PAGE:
The US initially adopted a policy of denial as the current occupant of the White House Donald Trump feared an epidemic would harm his changes of being re-elected in November. While medical professionals have repeatedly pressed the government to act in order to contain the outbreak, Trump has refused to accept the severity of the outbreak and tried to blame the failure of the US health authorities to address the virus on his predecessor Barack Obama. Trump’s reaction was typical of a man who denies manmade climate change. He became the main source of disinformation in the country. Trump’s prevarication and inaction delayed the US campaign to tackle the virus by two months.

His administration did not promote the rapid production of kits to test for the virus. US-made kits were found to be defective. Until the end of February virus testing was restricted to small numbers of people arriving in the US from China or who had come in contact with a known case. Only a few hundred people have been tested so far as compared with tens of thousands elsewhere. Nevertheless, Trump has said, “Anybody who wants a test will get a test, that’s the bottom line” and claimed the US testing kits are nearly “perfect.” Ironically, he refuses to be tested although he has come into direct contact with at least three people who may have the virus.

Trump initially wanted to allocate $1.2 billion (Dhs4.4b) to fight the virus, but was compelled by Congress to agree to $8.3b (Dhs30.5b). The delay in funding federal, state and local agencies has denied researchers funds to conduct tests and develop treatments and vaccines. To make matters worse there are shortages of surgical masks, protective suiting for doctors and nurses treating patients, respirators needed for serious cases and other sterile material and equipment.

Seeking to shift blame while struggling to contain the virus, governments are resorting to blaming others. Saudi Arabia, for example, has blamed regional rival Iran, while an Iranian official suggested that the epidemic has been caused by US biological weapons. Various conspiracy theories circulate on the worldwide web while irresponsible media cook up horror stories to mislead or frighten the public.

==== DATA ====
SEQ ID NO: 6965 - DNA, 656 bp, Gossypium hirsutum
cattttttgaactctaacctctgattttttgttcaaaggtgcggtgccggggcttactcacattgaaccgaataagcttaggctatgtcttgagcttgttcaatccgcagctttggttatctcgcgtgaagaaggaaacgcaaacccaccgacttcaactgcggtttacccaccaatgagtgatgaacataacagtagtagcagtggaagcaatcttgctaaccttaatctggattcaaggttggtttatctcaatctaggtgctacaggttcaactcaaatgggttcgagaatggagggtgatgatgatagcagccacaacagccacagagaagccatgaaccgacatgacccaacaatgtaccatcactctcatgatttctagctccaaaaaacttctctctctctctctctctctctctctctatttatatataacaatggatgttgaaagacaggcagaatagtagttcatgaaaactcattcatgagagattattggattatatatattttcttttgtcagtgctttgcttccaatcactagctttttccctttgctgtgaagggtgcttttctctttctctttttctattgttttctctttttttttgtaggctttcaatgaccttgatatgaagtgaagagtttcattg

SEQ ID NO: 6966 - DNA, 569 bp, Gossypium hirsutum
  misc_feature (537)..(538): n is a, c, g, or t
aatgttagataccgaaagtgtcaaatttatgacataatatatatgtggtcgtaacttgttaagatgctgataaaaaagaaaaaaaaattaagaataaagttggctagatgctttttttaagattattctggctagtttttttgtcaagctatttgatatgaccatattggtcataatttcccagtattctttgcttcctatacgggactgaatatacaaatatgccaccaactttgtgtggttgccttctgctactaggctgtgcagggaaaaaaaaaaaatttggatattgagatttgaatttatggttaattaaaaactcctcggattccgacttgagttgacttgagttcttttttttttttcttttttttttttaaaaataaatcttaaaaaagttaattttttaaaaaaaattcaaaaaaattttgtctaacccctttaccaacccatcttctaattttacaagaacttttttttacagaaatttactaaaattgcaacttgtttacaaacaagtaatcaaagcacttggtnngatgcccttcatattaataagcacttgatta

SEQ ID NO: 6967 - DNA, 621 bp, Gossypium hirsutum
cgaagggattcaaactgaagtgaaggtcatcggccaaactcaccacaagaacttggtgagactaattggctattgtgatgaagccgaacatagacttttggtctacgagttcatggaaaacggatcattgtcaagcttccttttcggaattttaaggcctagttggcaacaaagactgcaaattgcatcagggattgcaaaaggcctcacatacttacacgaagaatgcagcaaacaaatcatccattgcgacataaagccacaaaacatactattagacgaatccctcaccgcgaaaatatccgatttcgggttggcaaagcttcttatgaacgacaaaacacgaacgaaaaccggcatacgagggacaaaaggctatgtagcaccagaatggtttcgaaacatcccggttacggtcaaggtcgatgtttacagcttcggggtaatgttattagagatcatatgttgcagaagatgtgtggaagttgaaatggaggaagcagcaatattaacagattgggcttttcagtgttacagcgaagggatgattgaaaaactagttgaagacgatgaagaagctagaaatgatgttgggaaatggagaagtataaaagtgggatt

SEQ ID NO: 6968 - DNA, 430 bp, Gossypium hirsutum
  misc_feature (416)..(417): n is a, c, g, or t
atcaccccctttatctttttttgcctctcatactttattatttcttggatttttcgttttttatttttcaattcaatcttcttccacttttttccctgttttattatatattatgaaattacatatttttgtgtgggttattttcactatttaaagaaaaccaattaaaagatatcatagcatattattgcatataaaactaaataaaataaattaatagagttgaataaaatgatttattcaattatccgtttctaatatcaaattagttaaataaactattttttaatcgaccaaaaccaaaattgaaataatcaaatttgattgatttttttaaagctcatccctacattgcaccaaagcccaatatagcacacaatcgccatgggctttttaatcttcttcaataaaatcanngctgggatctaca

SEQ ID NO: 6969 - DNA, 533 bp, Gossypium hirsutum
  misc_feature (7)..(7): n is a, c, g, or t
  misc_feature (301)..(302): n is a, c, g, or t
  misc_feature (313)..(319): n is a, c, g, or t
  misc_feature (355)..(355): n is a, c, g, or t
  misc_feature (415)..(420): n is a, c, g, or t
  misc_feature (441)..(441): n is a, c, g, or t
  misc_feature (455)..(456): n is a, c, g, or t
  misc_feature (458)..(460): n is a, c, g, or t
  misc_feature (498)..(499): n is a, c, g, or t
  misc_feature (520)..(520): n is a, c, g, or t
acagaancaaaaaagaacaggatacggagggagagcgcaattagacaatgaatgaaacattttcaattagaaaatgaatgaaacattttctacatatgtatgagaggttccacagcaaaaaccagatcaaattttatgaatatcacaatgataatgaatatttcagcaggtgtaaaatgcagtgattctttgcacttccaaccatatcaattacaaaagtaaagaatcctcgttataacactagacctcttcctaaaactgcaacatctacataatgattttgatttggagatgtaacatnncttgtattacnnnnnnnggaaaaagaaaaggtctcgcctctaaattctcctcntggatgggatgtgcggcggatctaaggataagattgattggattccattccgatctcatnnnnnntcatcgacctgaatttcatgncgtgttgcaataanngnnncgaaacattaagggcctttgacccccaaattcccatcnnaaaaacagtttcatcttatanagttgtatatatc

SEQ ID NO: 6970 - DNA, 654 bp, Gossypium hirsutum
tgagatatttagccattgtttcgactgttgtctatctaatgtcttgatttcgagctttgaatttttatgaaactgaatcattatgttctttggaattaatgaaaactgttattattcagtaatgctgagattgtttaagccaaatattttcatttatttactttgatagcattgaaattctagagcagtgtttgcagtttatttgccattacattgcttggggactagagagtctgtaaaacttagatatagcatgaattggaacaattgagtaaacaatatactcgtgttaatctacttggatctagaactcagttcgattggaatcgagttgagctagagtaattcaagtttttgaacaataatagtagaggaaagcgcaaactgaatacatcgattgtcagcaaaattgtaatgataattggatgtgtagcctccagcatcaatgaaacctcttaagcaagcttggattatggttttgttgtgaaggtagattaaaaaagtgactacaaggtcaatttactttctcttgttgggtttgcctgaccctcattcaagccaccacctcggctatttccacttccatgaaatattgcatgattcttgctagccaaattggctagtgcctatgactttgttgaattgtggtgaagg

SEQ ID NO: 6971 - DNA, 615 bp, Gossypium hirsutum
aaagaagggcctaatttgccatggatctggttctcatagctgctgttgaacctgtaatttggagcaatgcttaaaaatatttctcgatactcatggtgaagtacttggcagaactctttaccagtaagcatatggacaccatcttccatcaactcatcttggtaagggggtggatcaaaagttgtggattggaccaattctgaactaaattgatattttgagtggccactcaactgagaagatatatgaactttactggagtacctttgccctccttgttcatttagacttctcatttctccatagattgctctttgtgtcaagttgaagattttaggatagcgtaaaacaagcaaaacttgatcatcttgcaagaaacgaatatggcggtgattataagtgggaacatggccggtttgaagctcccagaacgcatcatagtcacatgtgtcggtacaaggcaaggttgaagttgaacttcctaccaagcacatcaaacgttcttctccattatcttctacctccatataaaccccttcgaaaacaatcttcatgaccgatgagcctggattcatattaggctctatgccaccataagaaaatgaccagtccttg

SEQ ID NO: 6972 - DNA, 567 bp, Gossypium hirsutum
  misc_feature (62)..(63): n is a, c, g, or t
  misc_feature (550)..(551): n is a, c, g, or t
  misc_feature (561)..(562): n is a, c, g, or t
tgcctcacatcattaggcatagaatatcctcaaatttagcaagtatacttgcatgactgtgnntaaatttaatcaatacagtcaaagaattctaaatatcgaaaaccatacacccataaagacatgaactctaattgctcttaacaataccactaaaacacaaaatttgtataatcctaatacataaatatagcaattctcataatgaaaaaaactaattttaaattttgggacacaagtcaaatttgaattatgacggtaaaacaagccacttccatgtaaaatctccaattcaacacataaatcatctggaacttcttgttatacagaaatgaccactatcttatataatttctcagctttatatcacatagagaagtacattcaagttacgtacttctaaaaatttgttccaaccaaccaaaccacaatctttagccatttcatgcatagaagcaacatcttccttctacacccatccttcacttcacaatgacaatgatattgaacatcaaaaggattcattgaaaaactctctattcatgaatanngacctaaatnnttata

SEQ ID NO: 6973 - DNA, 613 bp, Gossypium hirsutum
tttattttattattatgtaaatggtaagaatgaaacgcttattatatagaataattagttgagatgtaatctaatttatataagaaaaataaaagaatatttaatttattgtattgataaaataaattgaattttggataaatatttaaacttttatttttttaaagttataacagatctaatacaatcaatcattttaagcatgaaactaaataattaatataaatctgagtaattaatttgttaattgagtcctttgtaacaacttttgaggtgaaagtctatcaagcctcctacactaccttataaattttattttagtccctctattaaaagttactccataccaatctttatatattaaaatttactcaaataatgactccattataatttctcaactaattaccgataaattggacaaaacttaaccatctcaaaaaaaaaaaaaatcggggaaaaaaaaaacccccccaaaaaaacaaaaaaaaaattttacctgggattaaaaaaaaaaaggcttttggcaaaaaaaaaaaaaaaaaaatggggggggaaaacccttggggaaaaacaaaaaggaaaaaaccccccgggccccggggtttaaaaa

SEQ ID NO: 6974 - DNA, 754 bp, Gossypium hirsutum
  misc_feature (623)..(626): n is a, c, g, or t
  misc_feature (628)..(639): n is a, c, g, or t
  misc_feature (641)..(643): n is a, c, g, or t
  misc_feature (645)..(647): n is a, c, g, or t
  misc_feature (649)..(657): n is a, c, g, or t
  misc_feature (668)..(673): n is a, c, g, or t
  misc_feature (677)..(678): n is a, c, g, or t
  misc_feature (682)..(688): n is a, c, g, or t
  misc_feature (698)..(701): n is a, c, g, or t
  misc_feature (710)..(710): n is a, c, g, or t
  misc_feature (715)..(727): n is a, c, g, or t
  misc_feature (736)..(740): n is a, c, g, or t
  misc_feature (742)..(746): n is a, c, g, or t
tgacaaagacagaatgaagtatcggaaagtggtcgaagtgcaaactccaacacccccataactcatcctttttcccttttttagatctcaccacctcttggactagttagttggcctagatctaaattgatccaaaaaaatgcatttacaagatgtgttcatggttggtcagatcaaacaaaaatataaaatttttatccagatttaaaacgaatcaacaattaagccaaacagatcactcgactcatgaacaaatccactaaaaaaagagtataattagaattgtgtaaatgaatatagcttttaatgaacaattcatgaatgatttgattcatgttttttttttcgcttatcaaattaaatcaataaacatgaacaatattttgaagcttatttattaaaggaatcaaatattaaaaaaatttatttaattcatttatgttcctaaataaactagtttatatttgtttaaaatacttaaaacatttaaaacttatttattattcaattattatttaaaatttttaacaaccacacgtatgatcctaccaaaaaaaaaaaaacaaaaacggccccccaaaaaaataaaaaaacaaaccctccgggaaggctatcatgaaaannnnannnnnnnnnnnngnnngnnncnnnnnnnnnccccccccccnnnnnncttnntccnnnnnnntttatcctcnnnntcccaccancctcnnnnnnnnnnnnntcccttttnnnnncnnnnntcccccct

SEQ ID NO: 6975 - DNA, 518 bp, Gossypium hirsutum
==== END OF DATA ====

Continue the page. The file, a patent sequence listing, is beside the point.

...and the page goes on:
The WHO chief Dr Tedros says it is “not a time for excuses... This epidemic can be pushed back, but only with a collective, coordinated and comprehensive approach that engaged the entire machinery of government.” WHO director since July 2017, he served as head of the Global Fund to Fight AIDS, Tuberculosis and Malaria, and as minister of health in his own country, Ethiopia, where he successfully reduced infection of these three diseases. As the first African to head the WHO, he has a wealth of experience in dealing with health emergencies, including highly contagious Ebola in the Democratic Republic of Congo.

Born in 1965 in Asmara, Eritrea, he received a Bachelor of Science degree from the University of Asmara, a Master of Science degree in immunology of infectious diseases from the London Schools of Hygiene and Tropical Medicine and a PhD in Community Health from the University of Nottingham. He argues, “All roads should lead to universal health coverage,” and has pledged to work towards that goal as head of the WHO.

Related articles